You are currently viewing Coffee Processing: The Basics

Coffee Processing: The Basics

Coffee processing methods have a significant effect on flavour. Recently, Dario and I travelled to Volcan Azul in Costa Rica. Alejo’s coffees are known for their exceptionally clean and clear flavour profiles. We were honoured to witness the production of some of Alejo’s incredible coffees and we look forward to another exceptional season of Volcan Azul coffees in 2023. All the photos in this post will be from our trip to Volcan Azul.

Coffee processing (at the wet mill) is essentially a combination of removing the fruit from the seed (or “bean”, as we’ve all come to know it) and then drying. The differences are in the degree to which the fruit is removed, when it is removed and then the variances in drying time, drying technique and then the coffee moves into the dry mill.

The processing methods I’ll discuss in this post are washed, honey and natural processing. 


A “washed coffee” is one that has had all the parts of the cherry/fruit removed from it before drying. If you read “washed” on a bag of coffee, this is the processing method the coffee has undergone.

The bright red cherry flesh that surrounds the coffee beans is made up of multiple layers. The first is the pulp, the outer skin and then surrounding the bean is the mucilage.
In the washed process, all of these layers are removed from the beans before they are dried.

Washed coffees are arguably the “purest” of the processing methods because what you taste in the cup is dependent on varietal and terroir, without any additional complexity from the cherry flesh, if the washing is done properly. There is no fermentation of the cherry during drying, which cannot always be completely controlled, washed coffees are the most consistent to produce. The lack of uncontrollable variables means that each lot can come out exactly the same after processing.

Washed coffees are often described as clean and balanced.

Two coffee seeds with the red pulp removed but still with the sticky mucilage intact.


In honey processing, only the pulp is removed from the bean and the coffee is dried with the mucilage still covering it.

After some time has passed in the drying process the mucilage begins to break down into a dark, thick and sticky liquid, similar to honey – this is where this processing method gets it name.

Coffees that are honey processed are often put through a depulper before being dried and only a small amount of the mucilage will be removed. Depending on how much mucilage is removed, the coffee will either be a white, yellow, gold, red or black honey.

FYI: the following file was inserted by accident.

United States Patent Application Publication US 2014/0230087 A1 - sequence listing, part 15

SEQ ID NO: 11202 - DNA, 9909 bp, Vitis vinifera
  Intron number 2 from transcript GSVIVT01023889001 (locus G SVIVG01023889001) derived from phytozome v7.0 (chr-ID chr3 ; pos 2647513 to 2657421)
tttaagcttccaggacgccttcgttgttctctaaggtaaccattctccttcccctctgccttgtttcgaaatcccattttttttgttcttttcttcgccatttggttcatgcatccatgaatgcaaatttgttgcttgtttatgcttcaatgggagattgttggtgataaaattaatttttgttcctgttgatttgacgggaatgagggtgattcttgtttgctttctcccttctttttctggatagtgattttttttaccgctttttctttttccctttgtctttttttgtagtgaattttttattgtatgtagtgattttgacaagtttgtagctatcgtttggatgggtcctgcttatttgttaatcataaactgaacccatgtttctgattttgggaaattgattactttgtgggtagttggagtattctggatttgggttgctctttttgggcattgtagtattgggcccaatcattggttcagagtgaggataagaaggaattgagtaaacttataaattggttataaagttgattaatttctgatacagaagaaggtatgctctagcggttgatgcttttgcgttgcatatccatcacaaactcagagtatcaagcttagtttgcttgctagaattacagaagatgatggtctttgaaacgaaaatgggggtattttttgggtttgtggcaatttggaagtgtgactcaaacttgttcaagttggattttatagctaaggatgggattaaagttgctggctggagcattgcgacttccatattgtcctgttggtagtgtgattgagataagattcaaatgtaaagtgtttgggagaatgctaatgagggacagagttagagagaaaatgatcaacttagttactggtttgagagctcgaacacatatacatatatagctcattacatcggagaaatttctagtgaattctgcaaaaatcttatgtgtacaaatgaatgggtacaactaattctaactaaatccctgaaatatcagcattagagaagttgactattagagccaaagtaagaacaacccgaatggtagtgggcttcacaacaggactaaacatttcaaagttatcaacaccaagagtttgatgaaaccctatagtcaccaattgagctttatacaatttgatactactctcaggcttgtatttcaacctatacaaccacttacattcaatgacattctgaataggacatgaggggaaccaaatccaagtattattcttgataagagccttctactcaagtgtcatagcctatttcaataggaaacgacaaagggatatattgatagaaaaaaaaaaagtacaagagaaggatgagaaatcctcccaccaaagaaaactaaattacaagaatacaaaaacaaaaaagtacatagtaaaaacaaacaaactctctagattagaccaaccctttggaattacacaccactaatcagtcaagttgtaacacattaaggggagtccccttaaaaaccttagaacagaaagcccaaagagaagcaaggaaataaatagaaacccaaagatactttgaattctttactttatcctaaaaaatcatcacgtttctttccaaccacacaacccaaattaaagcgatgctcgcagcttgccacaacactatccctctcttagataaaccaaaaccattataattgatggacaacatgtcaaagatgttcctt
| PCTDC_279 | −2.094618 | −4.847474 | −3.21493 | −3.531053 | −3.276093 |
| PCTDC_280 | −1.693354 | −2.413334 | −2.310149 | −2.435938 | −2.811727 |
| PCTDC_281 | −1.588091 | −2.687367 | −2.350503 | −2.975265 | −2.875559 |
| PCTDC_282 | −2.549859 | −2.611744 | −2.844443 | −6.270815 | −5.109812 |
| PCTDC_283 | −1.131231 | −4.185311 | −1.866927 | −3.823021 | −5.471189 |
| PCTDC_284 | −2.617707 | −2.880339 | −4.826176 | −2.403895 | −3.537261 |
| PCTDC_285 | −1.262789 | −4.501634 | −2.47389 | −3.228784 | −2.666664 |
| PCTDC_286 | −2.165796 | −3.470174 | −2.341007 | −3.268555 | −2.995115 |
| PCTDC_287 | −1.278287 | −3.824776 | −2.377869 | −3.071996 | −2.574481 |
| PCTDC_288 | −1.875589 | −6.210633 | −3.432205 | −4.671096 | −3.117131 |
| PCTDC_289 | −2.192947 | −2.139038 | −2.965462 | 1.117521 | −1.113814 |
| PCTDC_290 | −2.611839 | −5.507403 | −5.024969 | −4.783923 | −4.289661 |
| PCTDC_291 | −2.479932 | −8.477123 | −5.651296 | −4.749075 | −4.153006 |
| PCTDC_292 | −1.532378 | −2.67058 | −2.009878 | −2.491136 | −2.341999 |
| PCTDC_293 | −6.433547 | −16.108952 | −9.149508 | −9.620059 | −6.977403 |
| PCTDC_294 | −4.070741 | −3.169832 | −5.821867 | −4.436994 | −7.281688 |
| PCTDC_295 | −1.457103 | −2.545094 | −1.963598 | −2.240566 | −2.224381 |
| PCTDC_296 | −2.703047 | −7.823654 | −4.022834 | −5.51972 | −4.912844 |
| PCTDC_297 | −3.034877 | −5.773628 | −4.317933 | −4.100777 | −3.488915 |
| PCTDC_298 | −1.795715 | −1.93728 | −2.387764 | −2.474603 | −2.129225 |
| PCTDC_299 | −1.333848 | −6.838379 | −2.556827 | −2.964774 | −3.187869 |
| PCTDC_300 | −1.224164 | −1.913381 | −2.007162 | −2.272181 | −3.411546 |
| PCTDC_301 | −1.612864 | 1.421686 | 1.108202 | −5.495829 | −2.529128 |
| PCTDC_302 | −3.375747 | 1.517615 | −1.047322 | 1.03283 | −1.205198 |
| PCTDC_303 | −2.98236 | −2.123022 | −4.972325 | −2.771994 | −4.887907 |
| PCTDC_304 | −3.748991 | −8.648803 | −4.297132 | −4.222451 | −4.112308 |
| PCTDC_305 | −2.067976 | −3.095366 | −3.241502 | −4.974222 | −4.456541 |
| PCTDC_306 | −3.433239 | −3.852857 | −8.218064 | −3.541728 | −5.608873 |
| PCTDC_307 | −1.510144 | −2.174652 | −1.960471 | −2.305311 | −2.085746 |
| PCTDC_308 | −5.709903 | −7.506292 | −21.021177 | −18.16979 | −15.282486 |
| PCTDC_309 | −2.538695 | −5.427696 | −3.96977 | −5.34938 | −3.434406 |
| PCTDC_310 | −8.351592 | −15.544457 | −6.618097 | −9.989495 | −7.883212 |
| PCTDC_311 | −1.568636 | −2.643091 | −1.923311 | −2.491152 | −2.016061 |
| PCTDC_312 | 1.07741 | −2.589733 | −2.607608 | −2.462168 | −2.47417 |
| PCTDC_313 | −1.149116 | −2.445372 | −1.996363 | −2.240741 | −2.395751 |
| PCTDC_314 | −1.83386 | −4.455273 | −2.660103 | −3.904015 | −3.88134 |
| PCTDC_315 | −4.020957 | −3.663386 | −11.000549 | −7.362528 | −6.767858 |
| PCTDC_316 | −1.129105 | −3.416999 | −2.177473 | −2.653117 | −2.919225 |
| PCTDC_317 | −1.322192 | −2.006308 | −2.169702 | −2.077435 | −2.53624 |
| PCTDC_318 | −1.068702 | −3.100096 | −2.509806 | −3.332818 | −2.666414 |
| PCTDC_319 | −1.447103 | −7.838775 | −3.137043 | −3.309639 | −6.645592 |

Alejo told us that the philosophies around honey processed coffees are often different from farmer to farmer. The processing method is largely open to interpretation and allows for the farmer to decide the degree to which they depulp their coffees in order to get the best results. All of which will fall under the method of “honey processed”.

Alejo and honey processed coffee drying on the Volcan Azul patio
Dario and Alejo inspect a honey processed coffee after drying


Each layer of the cherry flesh contributes flavour to the bean. The bright red pulp is sweet and juicy. Cascara tea is this dried flesh made into a tea. If you have ever had cascara tea, you are familiar with the deep, natural sweetness of the cherry.

Natural processing is when the mucilage and pulp are left on the beans when they are dried. Leaving the flesh on the coffee during drying means that as the bean dries out and breaks down, the sweet and complex flavours of the fermenting cherry can penetrate into the bean.

It is crucial that the fermentation is controlled during the drying process, as the natural processing method is likely to result in fermented flavours. When dealing with any fermentation, there are many factors that need to be considered. Temperature, time, light exposure, agitation and pressure all affect the way that the cherry ferments and therefore the flavour that is left in the bean.

Naturally processed coffees are often bold with fermented flavours.

Naturally processed coffee on a drying bed with their pulp and mucilage still attached
The Volcan Azul cupping room.

Want to read more about coffee processing?

Perfect Daily Grind, How to Improve Quality When Processing Washed Coffees
Perfect Daily Grind: Processing 101: What Is Washed Coffee & Why Is It So Popular?
Perfect Daily Grind: How can controlled fermentation processing methods enhance coffee flavour and quality?
Perfect Daily Grind: Coffee Processing: Exploring Naturals, Pulped Naturals, & Honeys

Leave a Reply